1902 Tennessee Volunteers football team
|1902 Tennessee Volunteers football|
|Conference||Southern Intercollegiate Athletic Association|
|1902 record||6–2 (4–2 SIAA)|
|Head coach||Hubert Fisher (1st season)|
|Home stadium||Waite Field|
|1902 SIAA football standings|
The 1902 Tennessee Volunteers football team represented the University of Tennessee in the 1902 Southern Intercollegiate Athletic Association football season. The Volunteers won a school record six games in 1902 and beat rivals Sewanee and Georgia Tech. The team was guided by a new head coach, Hubert Fisher, who came from Princeton University, as did his predecessor, George Kelley.
|October 11, 1902||King*||Waite Field • Knoxville, TN||W 12–0|
|October 21, 1902||Maryville*||Waite Field • Knoxville, TN||W 34–0|
|October 25, 1902||Vanderbilt||Waite Field • Knoxville, TN (Rivalry)||L 5–12|
|November 1, 1902||Sewanee||Waite Field • Knoxville, TN||W 6–0|
|November 7, 1902||at Nashville||Nashville, TN||W 10–0|
|November 15, 1902||vs. Ole Miss||Memphis, TN||W 11–10|
|November 22, 1902||at Georgia Tech||Brisbane Park • Atlanta, GA||W 10–6|
|November 27, 1902||Clemson||Waite Field • Knoxville, TN||L 0–11|
|*Non-conference game. All times are in Eastern.|
Week 3: Vanderbilt
Vanderbilt won 12 to 5 despite a weak line due to its running game. John Edgerton scored both Vanderbilt touchdowns. Tennessee's score, its first ever against Vanderbilt, was provided by an A. H. Douglas run around right end, breaking two tackles and getting the touchdown. Nash Buckingham once had a 40-yard run through the line.
Week 8: Clemson
The team closed the season with an 11 to 0 loss to John Heisman's Clemson Tigers. A. H. Douglas holds the record for the longest punt in school history when he punted a ball 109 yards (the field length was 110 yards in those days) during the Clemson game. Heisman described the kick:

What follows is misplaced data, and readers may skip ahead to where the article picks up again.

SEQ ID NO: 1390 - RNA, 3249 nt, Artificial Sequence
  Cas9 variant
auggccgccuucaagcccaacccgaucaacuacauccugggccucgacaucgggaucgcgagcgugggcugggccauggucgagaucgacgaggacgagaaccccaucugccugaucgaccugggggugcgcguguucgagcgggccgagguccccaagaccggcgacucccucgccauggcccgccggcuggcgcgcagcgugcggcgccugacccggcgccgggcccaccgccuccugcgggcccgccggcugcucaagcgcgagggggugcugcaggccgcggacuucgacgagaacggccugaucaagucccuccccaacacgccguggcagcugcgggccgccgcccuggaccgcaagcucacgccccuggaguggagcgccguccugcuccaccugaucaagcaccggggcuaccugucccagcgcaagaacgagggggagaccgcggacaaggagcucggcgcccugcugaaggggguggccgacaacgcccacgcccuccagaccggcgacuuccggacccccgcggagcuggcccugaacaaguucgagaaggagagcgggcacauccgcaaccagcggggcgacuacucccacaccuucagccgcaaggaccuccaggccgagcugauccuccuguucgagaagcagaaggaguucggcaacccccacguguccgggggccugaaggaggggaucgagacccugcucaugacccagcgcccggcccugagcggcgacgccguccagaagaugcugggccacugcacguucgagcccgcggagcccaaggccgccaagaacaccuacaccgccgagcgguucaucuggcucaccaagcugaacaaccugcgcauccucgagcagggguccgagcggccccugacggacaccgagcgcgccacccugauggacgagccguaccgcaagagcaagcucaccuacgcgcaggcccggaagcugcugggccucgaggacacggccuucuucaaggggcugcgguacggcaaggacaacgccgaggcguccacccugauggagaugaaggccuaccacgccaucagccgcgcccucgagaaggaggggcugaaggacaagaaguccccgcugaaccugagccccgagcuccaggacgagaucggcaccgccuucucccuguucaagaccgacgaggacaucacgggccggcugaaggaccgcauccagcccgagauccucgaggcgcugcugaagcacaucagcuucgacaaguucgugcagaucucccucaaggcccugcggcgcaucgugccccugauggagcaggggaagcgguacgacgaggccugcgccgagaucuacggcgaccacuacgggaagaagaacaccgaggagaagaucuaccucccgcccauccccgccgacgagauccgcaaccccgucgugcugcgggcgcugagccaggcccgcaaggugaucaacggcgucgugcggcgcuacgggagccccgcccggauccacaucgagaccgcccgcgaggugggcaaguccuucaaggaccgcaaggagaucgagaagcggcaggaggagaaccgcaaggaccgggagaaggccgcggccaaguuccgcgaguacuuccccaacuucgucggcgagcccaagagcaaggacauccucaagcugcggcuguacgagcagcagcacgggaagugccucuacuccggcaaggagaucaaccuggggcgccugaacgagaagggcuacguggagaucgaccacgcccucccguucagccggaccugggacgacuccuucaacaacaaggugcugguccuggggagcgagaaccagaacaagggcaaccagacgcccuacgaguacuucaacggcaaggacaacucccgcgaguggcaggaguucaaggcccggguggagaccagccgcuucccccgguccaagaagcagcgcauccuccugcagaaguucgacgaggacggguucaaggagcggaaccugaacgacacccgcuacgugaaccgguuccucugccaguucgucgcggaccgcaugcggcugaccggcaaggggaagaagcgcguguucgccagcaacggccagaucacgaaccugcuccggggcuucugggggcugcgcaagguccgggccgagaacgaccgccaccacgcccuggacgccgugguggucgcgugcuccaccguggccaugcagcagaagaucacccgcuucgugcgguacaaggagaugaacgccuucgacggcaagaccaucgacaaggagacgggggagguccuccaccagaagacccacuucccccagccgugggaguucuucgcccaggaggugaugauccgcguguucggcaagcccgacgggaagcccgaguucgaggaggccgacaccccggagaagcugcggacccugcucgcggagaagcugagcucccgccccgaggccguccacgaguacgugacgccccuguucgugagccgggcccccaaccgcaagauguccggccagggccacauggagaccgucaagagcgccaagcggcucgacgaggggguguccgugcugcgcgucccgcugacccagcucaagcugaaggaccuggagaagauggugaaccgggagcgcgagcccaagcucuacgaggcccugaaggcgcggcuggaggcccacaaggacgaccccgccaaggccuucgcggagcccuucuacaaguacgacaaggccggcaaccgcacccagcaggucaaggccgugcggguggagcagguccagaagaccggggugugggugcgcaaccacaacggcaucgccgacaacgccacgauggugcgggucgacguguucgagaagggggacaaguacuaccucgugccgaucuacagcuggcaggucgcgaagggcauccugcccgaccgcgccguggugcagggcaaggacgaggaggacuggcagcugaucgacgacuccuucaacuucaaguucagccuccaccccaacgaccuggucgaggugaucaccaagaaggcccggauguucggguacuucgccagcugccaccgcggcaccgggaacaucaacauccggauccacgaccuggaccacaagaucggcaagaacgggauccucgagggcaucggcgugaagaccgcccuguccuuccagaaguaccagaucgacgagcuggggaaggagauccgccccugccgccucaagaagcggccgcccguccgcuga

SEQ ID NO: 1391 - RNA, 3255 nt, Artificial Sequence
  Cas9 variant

"The day was bitterly cold and a veritable typhoon was blowing straight down the field from one end to the other. We rushed the ball with more consistency than Tennessee, but throughout the entire first half they held us because of the superb punting of "Toots" Douglas, especially because, in that period he had the gale squarely with him. Going against that blizzard our labors were like unto those of Tantalus. Slowly, with infinite pains and a maximum of exertion, we pushed the ball from our territory to their 10-yard line. We figured we had another down to draw on, but the referee begged to differ. He handed the ball to Tennessee and the "tornado." Their general cheerfully chirped a signal – Saxe Crawford, it must have been –; and "Toots" with sprightly step, dropped back for another of his Milky Way punts. I visualize him still, standing on his own goal line and squarely between his uprights. One quick glance he cast overhead – no doubt to make sure that howling was still the same old hurricane.
I knew at once what he proposed to do. The snap was perfect. "Toots" caught the ball, took two smart steps and – BLAM!–away shot the ball as though from the throat of Big Bertha. And, say, in his palmiest mathematical mood, I don't believe Sir Isaac Newton himself could have figured a more perfect trajectory to fit with that cyclone. Onward and upward, upward and onward, the crazy thing flew like a brainchild of Jules Verne. I thought it would clear the Blue Ridge Mountains. Our safety man, the great Johnny Maxwell, was positioned 50 yards behind our rush line, yet the punt sailed over his head like a phantom aeroplane. Finally, it cam down, but still uncured of its wanderlust it started in to roll–toward our goal, of course, with Maxwell chasing and damning it with every step and breath. Finally it curled up and died on our one-footline, after a bowstring journey of just 109 yards."
- "2017 LSU Tigers Media Guide" (PDF). Louisiana State Athletics. p. 107. Retrieved April 27, 2018.
- Tennessee–Vanderbilt football rivalry
- "Volunteers Lose To Commodores". Atlanta Constitution. October 26, 1902. p. 5. Retrieved March 29, 2015 – via Newspapers.com.
- Wiley Lee Umphlett. Creating the Big Game: John W. Heisman and the Invention of American Football. pp. 64–65.
- "Records" (PDF). p. 324. Archived from the original (PDF) on 2016-03-04.
- "Prodigious Kick". Schenectady Gazette. October 10, 1934.
- John M. Heisman. Heisman: The Man Behind the Trophy. pp. 104–105.
- "From Southeastern College Teams The Constitution Selects An Eleven". Atlanta Constitution. December 1, 1902.